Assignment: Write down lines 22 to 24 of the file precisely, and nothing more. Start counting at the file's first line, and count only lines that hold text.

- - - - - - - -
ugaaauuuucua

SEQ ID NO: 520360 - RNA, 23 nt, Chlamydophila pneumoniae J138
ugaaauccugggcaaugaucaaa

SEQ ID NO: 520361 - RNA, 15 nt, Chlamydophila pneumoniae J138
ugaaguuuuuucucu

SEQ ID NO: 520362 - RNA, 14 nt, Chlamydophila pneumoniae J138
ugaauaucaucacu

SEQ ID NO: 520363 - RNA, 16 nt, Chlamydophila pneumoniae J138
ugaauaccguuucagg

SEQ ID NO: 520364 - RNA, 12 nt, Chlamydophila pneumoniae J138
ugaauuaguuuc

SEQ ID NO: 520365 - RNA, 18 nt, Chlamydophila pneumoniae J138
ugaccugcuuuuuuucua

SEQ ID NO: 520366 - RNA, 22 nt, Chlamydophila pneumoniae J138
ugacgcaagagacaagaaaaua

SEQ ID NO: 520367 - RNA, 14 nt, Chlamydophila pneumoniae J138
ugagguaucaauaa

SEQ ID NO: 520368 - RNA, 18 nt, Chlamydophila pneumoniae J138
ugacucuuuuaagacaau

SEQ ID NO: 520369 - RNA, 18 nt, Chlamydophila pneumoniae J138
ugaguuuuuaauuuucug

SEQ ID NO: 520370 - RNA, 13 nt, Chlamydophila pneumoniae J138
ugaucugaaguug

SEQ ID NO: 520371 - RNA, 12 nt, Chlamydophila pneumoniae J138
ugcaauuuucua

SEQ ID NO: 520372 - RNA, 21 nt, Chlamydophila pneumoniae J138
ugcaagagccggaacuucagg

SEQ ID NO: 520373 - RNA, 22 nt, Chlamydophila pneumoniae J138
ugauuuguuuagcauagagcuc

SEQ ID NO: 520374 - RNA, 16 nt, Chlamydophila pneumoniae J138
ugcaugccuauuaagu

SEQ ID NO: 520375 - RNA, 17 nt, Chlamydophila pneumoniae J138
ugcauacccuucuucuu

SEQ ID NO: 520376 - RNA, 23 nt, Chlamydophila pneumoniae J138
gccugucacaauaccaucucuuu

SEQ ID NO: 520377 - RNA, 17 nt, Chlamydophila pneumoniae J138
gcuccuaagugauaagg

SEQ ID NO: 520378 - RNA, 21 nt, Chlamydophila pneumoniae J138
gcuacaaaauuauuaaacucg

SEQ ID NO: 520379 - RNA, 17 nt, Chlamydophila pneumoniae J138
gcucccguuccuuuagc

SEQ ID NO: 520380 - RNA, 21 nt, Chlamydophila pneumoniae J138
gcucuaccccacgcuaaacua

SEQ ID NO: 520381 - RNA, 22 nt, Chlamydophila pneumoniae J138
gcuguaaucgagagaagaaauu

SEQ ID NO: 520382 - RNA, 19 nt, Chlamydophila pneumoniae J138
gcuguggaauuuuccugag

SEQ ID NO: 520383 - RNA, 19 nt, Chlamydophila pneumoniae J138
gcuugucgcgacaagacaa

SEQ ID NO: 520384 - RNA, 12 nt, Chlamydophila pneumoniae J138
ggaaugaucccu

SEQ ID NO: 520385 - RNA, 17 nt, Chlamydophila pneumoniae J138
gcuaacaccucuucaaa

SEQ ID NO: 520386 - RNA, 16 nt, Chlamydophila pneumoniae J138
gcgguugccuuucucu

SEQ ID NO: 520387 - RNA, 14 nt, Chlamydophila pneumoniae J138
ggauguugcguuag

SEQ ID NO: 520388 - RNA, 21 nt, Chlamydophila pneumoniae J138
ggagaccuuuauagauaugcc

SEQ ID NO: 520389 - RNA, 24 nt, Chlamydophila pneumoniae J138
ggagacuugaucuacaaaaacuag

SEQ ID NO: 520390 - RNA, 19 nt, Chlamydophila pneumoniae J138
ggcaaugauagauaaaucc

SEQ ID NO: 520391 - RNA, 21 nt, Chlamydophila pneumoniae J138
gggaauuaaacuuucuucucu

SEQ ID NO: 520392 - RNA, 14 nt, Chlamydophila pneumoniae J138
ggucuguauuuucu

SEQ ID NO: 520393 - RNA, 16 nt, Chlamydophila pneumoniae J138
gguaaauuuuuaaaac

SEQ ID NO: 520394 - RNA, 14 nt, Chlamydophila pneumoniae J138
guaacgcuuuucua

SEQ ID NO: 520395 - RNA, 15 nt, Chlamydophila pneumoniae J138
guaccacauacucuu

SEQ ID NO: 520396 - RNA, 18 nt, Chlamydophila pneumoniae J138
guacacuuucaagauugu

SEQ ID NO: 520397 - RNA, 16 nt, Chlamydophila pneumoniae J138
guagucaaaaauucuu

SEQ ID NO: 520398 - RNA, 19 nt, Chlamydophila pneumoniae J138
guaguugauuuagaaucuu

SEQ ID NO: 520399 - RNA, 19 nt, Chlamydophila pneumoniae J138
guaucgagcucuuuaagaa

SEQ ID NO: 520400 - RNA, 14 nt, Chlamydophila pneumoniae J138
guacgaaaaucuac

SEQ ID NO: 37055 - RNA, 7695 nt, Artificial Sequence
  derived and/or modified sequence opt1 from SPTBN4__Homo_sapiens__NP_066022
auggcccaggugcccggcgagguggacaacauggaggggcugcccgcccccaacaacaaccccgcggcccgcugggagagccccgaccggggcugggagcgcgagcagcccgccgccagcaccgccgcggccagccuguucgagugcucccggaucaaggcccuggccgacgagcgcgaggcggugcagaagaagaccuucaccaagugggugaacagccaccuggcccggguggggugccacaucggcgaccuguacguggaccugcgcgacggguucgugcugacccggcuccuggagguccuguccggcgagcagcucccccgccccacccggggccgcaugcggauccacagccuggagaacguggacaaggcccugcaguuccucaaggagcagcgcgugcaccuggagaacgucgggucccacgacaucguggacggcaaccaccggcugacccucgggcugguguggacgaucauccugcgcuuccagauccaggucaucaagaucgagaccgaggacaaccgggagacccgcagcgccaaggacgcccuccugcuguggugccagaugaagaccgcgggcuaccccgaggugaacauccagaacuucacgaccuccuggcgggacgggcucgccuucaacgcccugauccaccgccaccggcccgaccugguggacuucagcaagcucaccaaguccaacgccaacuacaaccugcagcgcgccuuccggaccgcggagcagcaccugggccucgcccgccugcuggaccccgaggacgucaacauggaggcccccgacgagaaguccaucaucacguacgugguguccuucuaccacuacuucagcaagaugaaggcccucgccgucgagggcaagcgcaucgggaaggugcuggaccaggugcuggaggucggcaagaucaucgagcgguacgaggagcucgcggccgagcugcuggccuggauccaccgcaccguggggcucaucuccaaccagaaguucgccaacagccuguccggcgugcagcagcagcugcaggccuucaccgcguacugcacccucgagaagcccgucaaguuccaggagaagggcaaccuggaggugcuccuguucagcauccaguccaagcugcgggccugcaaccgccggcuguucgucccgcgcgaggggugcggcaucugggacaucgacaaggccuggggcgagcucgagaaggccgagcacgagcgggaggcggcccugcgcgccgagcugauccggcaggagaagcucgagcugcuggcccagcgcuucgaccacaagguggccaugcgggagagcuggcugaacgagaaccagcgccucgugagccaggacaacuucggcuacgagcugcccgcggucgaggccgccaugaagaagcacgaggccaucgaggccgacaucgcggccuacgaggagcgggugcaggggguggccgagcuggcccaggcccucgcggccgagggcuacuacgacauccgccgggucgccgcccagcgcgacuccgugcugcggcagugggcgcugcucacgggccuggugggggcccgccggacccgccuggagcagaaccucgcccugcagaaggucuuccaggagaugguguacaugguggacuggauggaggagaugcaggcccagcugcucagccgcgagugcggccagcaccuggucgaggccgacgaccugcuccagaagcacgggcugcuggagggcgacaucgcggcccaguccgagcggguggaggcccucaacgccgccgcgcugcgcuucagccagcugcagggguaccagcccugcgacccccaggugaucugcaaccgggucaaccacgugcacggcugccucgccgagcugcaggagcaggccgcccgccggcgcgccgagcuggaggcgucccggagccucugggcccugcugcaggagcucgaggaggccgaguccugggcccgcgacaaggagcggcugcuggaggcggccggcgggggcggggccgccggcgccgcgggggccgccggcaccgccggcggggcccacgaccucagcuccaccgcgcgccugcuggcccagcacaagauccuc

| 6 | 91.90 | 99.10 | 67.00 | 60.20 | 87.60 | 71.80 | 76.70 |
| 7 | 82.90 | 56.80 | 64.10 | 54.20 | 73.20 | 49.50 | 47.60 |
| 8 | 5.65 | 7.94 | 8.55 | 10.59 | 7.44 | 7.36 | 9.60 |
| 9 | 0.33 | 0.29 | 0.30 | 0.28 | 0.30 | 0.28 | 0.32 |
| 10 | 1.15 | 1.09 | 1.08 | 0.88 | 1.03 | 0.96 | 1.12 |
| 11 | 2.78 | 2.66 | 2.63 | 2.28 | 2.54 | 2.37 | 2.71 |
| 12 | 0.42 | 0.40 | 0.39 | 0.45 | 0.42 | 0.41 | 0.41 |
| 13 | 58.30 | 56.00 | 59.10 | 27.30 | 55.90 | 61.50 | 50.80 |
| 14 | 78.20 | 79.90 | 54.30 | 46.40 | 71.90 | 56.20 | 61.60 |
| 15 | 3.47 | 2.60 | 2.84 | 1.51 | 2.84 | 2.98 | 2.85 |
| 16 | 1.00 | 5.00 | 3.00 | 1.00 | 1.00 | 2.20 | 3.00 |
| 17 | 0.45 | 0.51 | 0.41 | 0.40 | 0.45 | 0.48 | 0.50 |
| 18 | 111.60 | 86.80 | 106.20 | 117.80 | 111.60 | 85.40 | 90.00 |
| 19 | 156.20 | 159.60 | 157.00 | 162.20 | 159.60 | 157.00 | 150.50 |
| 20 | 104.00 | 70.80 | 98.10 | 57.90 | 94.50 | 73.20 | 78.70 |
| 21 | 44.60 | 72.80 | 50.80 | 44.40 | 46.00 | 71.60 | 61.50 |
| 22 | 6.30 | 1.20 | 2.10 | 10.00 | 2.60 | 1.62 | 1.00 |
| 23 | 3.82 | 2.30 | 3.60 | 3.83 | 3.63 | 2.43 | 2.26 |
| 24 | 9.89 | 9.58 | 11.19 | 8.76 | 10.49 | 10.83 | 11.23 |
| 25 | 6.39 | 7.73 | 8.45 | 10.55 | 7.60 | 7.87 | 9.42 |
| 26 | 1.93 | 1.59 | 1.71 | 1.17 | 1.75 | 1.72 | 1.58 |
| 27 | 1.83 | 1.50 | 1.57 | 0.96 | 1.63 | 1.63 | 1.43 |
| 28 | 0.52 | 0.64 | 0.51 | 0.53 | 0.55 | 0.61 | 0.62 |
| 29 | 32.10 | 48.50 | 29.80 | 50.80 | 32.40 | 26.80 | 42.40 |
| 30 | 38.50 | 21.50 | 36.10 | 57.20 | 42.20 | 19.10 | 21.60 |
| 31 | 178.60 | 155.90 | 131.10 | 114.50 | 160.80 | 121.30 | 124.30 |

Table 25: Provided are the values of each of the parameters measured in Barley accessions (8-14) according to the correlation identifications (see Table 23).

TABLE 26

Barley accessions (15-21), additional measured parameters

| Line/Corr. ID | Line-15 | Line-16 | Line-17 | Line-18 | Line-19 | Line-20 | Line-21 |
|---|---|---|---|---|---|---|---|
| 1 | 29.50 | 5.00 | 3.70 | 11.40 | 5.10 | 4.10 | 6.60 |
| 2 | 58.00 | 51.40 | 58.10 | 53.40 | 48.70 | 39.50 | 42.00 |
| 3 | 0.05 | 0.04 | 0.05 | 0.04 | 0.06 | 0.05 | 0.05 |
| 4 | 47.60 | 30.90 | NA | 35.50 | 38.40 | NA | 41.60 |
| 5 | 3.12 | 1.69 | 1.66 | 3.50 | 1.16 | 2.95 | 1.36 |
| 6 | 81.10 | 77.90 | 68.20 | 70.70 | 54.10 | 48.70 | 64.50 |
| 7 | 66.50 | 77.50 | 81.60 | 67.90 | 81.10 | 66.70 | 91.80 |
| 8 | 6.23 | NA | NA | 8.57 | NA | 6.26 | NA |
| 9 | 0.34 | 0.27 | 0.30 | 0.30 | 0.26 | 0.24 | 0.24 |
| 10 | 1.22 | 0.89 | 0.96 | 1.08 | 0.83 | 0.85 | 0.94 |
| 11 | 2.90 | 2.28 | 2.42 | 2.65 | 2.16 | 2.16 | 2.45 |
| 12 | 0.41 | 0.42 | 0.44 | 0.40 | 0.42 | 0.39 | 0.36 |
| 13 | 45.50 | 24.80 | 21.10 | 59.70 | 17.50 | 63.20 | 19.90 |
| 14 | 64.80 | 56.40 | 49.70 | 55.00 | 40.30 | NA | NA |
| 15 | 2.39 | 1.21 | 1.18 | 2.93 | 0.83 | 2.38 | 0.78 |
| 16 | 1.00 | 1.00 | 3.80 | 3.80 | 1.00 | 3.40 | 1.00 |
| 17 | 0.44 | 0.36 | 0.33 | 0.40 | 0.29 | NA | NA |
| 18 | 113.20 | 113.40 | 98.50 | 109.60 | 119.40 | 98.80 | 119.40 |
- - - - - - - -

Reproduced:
SEQ ID NO: 520370 - RNA, 13 nt, Chlamydophila pneumoniae J138
ugaucugaaguug

SEQ ID NO: 520371 - RNA, 12 nt, Chlamydophila pneumoniae J138